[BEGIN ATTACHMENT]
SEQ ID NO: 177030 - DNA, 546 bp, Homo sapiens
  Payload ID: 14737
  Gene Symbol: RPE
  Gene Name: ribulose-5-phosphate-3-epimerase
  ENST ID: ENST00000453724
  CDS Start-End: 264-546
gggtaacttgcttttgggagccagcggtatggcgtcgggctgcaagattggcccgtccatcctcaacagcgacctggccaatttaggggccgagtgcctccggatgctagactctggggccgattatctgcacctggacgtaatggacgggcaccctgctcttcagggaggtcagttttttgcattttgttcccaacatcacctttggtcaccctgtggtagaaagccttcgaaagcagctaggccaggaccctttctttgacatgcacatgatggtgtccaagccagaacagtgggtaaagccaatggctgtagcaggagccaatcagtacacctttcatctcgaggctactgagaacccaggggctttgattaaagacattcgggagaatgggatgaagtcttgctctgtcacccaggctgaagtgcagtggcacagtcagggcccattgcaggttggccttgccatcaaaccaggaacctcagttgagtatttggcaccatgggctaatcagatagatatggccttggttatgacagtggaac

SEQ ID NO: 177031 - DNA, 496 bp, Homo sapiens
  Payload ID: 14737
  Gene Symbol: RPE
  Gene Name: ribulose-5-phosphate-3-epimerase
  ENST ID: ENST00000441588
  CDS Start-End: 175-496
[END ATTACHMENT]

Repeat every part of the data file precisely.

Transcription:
SEQ ID NO: 177030 - DNA, 546 bp, Homo sapiens
  Payload ID: 14737
  Gene Symbol: RPE
  Gene Name: ribulose-5-phosphate-3-epimerase
  ENST ID: ENST00000453724
  CDS Start-End: 264-546
gggtaacttgcttttgggagccagcggtatggcgtcgggctgcaagattggcccgtccatcctcaacagcgacctggccaatttaggggccgagtgcctccggatgctagactctggggccgattatctgcacctggacgtaatggacgggcaccctgctcttcagggaggtcagttttttgcattttgttcccaacatcacctttggtcaccctgtggtagaaagccttcgaaagcagctaggccaggaccctttctttgacatgcacatgatggtgtccaagccagaacagtgggtaaagccaatggctgtagcaggagccaatcagtacacctttcatctcgaggctactgagaacccaggggctttgattaaagacattcgggagaatgggatgaagtcttgctctgtcacccaggctgaagtgcagtggcacagtcagggcccattgcaggttggccttgccatcaaaccaggaacctcagttgagtatttggcaccatgggctaatcagatagatatggccttggttatgacagtggaac

SEQ ID NO: 177031 - DNA, 496 bp, Homo sapiens
  Payload ID: 14737
  Gene Symbol: RPE
  Gene Name: ribulose-5-phosphate-3-epimerase
  ENST ID: ENST00000441588
  CDS Start-End: 175-496